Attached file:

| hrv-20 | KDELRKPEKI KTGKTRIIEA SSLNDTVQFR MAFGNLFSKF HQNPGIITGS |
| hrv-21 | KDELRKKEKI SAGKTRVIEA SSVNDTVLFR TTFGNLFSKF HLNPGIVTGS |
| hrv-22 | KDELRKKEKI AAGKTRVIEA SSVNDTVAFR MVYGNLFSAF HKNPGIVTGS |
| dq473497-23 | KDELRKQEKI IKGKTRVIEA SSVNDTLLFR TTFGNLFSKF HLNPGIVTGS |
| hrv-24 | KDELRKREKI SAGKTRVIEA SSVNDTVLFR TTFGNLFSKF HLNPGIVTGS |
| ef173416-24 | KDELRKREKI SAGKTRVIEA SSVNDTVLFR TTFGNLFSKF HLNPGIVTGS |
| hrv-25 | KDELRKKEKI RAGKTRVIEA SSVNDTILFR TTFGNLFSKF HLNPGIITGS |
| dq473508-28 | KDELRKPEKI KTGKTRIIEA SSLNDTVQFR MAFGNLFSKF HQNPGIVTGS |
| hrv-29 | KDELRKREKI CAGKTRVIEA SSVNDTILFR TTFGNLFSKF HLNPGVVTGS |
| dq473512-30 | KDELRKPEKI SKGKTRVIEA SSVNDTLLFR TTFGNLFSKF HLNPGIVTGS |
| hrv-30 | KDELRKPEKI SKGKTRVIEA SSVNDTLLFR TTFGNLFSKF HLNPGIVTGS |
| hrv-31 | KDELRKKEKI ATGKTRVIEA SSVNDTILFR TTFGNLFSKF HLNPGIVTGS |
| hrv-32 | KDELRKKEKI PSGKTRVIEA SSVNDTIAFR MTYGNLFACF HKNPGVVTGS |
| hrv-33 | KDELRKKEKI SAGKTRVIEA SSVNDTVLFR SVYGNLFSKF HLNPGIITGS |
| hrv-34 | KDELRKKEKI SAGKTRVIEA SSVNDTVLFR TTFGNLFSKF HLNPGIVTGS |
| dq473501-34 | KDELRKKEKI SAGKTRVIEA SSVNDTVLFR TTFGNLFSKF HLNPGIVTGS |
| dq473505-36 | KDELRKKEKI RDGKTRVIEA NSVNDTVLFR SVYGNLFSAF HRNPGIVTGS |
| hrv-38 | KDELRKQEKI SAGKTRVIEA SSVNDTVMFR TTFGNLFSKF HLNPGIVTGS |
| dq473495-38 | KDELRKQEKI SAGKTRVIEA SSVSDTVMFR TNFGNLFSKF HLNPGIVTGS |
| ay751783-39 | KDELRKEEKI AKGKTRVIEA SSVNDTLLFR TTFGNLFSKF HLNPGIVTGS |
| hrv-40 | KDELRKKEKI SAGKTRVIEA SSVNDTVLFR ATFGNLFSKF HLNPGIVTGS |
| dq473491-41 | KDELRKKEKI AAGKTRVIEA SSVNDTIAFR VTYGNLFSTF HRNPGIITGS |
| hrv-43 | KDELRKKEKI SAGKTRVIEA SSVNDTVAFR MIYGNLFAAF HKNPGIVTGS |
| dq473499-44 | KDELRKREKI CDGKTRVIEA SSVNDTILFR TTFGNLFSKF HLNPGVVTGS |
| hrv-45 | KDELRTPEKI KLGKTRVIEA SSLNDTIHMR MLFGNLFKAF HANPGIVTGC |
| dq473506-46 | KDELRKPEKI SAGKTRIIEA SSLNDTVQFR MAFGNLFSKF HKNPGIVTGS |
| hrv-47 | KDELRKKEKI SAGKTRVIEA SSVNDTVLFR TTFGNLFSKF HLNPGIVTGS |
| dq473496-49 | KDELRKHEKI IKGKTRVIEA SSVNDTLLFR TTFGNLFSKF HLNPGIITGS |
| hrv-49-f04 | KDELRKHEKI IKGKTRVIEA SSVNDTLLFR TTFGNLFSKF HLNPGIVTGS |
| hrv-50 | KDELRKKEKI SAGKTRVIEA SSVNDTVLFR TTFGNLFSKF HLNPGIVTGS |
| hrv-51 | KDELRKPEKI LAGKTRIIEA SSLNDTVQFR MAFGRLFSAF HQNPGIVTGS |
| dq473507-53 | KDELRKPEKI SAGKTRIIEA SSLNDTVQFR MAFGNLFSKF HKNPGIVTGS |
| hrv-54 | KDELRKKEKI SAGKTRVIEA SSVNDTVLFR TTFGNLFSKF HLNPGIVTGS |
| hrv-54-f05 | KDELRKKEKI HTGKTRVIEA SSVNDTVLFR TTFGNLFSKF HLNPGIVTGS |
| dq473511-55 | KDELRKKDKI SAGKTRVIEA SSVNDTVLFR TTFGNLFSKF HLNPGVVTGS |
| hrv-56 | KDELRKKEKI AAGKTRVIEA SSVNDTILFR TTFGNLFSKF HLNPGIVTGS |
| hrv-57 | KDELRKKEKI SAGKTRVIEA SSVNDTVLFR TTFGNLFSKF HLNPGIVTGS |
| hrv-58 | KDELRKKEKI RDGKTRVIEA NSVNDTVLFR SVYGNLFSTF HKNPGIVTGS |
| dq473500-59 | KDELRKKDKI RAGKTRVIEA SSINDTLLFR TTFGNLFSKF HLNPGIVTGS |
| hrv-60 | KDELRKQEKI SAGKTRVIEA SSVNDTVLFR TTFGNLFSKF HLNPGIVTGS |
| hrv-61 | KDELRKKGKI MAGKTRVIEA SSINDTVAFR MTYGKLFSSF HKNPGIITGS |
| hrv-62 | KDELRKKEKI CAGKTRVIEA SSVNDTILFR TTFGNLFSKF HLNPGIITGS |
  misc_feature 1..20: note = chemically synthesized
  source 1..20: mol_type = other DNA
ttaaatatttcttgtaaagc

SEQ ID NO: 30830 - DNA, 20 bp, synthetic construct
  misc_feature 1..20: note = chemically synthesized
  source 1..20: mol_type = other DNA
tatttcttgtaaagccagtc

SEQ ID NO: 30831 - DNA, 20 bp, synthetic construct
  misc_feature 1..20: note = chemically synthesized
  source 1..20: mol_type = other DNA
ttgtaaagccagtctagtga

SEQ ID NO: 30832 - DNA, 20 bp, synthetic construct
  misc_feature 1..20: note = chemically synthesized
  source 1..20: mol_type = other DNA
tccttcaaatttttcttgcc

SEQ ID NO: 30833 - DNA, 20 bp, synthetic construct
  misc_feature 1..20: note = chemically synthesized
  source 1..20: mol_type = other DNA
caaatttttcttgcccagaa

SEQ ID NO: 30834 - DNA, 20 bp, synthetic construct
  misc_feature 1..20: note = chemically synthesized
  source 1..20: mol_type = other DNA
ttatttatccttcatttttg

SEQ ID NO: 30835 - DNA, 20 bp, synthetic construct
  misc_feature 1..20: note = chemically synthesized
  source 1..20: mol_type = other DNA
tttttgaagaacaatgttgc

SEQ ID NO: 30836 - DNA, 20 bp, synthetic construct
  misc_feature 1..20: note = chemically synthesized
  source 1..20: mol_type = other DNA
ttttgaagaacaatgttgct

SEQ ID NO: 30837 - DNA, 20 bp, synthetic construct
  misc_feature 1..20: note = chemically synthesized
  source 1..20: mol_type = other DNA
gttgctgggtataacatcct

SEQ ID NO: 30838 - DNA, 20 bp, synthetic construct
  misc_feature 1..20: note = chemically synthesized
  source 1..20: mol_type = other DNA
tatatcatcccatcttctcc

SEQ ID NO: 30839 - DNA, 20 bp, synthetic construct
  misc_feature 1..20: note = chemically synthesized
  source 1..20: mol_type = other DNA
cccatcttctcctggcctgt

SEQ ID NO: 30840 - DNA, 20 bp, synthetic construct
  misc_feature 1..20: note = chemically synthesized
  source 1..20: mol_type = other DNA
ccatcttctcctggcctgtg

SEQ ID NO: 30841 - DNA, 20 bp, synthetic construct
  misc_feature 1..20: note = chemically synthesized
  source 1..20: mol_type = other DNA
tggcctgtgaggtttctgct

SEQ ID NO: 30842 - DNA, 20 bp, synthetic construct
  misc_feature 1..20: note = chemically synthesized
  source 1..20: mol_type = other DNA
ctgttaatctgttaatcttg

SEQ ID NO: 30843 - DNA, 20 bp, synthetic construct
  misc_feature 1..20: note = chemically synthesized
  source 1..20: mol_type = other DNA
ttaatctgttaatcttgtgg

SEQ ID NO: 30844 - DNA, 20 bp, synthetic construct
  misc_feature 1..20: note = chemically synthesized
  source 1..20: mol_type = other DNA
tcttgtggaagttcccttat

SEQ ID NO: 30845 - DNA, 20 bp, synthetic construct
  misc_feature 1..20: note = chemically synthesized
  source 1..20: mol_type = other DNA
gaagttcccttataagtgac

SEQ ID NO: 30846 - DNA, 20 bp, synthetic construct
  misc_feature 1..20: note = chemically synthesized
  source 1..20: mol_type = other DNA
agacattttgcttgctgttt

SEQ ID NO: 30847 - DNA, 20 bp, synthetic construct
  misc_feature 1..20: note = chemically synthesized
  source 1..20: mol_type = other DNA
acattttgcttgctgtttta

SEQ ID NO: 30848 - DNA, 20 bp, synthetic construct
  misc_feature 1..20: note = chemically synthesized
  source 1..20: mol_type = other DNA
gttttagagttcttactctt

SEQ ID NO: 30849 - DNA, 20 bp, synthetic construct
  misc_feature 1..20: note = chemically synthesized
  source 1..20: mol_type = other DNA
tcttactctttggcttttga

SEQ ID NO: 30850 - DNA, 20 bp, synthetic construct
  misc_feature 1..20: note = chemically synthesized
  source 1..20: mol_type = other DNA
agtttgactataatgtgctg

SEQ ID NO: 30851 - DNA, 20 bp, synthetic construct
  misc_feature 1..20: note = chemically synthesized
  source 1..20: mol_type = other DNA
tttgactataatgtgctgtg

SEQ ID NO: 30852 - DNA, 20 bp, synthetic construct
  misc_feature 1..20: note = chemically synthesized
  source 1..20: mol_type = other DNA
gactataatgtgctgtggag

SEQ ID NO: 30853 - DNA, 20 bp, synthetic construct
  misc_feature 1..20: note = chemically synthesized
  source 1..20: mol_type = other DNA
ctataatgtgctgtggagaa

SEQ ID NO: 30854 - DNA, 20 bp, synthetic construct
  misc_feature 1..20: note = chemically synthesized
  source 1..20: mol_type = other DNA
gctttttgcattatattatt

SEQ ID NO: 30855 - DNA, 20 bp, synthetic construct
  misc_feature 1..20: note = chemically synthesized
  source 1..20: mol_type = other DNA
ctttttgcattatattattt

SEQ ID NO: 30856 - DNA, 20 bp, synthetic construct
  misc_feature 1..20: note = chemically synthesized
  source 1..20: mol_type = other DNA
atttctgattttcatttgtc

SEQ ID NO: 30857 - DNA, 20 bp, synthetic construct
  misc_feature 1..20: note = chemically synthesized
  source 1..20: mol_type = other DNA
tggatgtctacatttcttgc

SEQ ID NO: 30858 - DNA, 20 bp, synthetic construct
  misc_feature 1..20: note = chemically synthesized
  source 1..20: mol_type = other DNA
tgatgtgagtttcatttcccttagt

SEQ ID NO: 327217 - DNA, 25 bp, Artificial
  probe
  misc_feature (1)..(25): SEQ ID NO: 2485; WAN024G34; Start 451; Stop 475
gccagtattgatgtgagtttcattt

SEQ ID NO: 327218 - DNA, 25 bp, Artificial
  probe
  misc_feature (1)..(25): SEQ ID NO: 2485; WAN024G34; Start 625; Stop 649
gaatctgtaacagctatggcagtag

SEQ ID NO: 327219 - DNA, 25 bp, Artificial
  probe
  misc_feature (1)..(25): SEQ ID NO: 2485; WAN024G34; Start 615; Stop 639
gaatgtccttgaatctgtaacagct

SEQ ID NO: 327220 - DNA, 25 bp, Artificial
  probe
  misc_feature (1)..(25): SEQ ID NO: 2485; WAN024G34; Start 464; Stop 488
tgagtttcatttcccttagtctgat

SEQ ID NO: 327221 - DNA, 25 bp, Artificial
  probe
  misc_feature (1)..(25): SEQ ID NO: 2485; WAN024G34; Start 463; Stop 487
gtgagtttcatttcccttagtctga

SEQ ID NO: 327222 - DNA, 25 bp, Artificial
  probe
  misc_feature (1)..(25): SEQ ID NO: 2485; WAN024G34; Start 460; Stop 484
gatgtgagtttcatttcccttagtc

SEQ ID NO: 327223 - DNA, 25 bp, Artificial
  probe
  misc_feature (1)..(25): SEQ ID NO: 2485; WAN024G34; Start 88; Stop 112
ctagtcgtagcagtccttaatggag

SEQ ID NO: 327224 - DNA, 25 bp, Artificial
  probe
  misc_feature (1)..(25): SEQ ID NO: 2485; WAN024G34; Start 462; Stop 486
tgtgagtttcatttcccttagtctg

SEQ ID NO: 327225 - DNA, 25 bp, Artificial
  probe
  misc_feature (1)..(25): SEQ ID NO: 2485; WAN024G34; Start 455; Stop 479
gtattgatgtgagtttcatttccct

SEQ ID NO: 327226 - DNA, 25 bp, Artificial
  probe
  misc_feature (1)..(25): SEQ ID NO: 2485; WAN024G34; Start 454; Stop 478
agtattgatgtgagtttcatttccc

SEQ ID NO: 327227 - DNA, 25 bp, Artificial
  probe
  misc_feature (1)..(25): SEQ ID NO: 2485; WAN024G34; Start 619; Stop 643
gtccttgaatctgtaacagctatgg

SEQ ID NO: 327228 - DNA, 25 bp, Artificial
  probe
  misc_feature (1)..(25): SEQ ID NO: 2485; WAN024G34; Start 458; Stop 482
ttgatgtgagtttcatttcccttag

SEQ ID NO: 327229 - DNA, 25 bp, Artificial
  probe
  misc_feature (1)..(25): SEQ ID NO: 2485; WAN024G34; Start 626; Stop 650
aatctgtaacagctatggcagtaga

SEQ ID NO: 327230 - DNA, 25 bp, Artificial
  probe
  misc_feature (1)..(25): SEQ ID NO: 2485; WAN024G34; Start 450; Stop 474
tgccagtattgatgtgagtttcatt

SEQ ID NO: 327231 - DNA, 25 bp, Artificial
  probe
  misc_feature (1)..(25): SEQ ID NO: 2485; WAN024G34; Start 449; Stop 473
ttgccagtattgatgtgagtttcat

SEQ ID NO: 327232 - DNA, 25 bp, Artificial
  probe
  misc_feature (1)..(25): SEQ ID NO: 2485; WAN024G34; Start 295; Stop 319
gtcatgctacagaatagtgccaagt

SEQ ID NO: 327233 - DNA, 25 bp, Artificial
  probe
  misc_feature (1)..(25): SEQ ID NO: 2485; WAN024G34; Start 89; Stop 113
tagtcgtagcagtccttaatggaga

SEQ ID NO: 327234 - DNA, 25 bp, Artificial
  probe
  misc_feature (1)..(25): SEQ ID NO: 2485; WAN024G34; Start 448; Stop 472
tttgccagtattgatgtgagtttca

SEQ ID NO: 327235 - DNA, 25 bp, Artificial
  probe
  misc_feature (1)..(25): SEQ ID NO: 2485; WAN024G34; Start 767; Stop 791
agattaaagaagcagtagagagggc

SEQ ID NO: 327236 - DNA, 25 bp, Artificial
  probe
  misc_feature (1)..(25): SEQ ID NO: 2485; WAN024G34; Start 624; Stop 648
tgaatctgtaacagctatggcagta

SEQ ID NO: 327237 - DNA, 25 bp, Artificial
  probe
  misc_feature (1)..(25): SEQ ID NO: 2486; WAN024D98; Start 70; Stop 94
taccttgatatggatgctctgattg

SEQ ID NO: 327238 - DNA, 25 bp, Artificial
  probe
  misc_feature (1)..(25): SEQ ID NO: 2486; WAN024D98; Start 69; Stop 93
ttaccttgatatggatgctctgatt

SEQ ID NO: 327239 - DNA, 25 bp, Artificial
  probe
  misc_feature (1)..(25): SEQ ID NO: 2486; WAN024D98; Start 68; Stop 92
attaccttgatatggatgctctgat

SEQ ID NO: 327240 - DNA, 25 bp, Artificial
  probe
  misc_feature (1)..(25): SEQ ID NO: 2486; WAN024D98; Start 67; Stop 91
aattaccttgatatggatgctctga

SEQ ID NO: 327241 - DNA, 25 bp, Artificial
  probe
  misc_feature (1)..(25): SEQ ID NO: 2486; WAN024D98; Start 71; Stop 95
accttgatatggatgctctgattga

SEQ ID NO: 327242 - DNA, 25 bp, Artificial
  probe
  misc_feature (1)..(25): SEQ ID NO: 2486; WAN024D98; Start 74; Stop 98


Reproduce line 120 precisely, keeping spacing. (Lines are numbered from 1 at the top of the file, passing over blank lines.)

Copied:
  source 1..20: mol_type = other DNA